Guest Post by Dave Johnson, MS
In 2010, a study published in the International Journal of Obesity sent shockwaves through the public health community. According to the authors of the study, researchers found that 20% of people born between 1966 and 1985 were obese in their 20s, an obesity prevalence milestone not reached by their parents until their 30s or by their grandparents until their 40s or 50s.
That means more Americans are getting heavier earlier in their lives and carrying the extra pounds for longer periods of time, which suggests that the impact for chronic disease and life expectancy may be worse than previously thought. In short, this generation may be the first not to outlive their parents!
It’s not news that we have a growing problem in the United States but this particular news came as a shock to many. Based on recent data things haven’t really improved, either:
- The percentage of children and adolescents affected by obesity has more than tripled since the 1970s.
- Data from 2015-2016 show that nearly 1 in 5 school age children and young people (6 to 19 years) in the United States has obesity.
- Children with obesity are at higher risk of having other chronic health conditions and diseases that influence physical health. These include asthma, sleep apnea, bone and joint problems, type 2 diabetes, and risk factors for heart disease.
- Children with obesity are bullied and teased more than their normal weight peers and are more likely to suffer from social isolation, depression, and lower self-esteem.
- In the long term, a child with obesity is more likely to have obesity as an adult. An adult with obesity has a higher risk of developing heart disease, type 2 diabetes, metabolic syndrome, and many types of cancer.
What’s odd about all this is that people are well aware of most of the benefits that come with regular physical activity (improved muscular strength and endurance, improved heart and lung function, improved blood lipid profile, etc.), yet inactivity remains at an all time high. Perhaps, then, our message should shift to some of the “hidden” benefits of physical activity in youth.
One area of key interest for parents relates to academic performance. In an era where standardized testing is “normal” and academic rigors have never been higher, parents should be made aware of the cognitive benefits of physical activity. A multitude of studies has shown a positive correlation between physical activity and cognitive skill development (perceptual skills, intelligence quotient, achievement, verbal tests, mathematics tests, developmental level/ academic readiness, etc.). Further, researchers in California consistently found that students with higher levels of fitness scored higher on the SAT-9 (their standardized tests). There was a positive linear relationship between the number of fitness standards achieved and standardized test scores. The evidence is clear: increased physical activity equals increased academic performance!
Another area of interest for most parents revolves around mental health, particularly conditions such as Attention Deficit Hyperactivity Disorder (ADHD). CDC data estimates that, as of 2016, Approximately 9.4% of children 2-17 years of age (6.1 million) had ever been diagnosed with ADHD. A study from Journal of Abnormal Child Psychologyshowed that offering daily before-school, aerobic activities to younger at-risk children could help in reducing the symptoms of ADHD in the classroom and at home. Symptoms of ADHD typically include inattentiveness, moodiness and difficulty getting along with others. This is yet another positive outcome associated with regular physical activity.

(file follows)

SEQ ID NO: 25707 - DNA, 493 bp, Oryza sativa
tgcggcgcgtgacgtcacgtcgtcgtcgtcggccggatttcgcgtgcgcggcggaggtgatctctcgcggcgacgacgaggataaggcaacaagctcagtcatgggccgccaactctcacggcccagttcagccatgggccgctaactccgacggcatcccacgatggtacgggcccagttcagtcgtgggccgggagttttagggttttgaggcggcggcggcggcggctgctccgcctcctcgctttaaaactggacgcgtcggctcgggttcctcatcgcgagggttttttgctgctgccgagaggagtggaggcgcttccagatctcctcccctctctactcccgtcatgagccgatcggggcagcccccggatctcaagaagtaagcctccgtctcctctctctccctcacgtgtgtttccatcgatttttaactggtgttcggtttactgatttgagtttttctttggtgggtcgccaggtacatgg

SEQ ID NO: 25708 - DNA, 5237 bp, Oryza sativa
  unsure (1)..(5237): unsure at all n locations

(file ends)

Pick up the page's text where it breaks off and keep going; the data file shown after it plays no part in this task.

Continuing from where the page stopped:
One final “hidden” benefit of physical activity lies in a child’s social health. In a society where social media dominates our landscape and digital interaction occurs far more often than physical interaction, physical activity provides an outlet for children and adolescents to collaborate with their peers to develop important interpersonal skills such as cooperation, teamwork, empathy, and leadership. These skills are imperative for helping young people build self confidence and self efficacy, two traits that have a direct correlation with personal and professional success.
The youth fitness demographic remains largely untapped. Most parents who actively seek fitness assistance are interested solely in specialized athletic training, but they only represent a fraction of the parents with children. Most parents are well aware of the traditional benefits of physical activity, but these “hidden” benefits carry significant weight and can be used to successfully market to a significant demographic. If you’re interested in learning more about this exciting topic, including specific training techniques for children and adolescents, check out our Youth Foundations courses!
Warner, J. (2010, April 09). Baby Boomers May Outlive Their Kids. Retrieved from https://www.webmd.com/children/news/20100409/baby-boomers-may-outlive-their-kids
Obesity Facts | Healthy Schools | CDC. (2018). Retrieved from https://www.cdc.gov/healthyschools/obesity/facts.htm
Sattelmair, J., & Ratey, J. J. (2009). Physically Active Play and Cognition: An Academic Matter? American Journal of Play,1(3). Retrieved from http://www.journalofplay.org/sites/www.journalofplay.org/files/pdf-articles/1-3-article-physically-active-play-and-cognition.pdf
Data and Statistics About ADHD | CDC. (2018). Retrieved from https://www.cdc.gov/ncbddd/adhd/data.html
Michigan State University. (2014). Exercise before school may reduce ADHD symptoms in kids. Retrieved from https://msutoday.msu.edu/news/2014/exercise-before-school-may-reduce-adhd-symptoms-in-kids/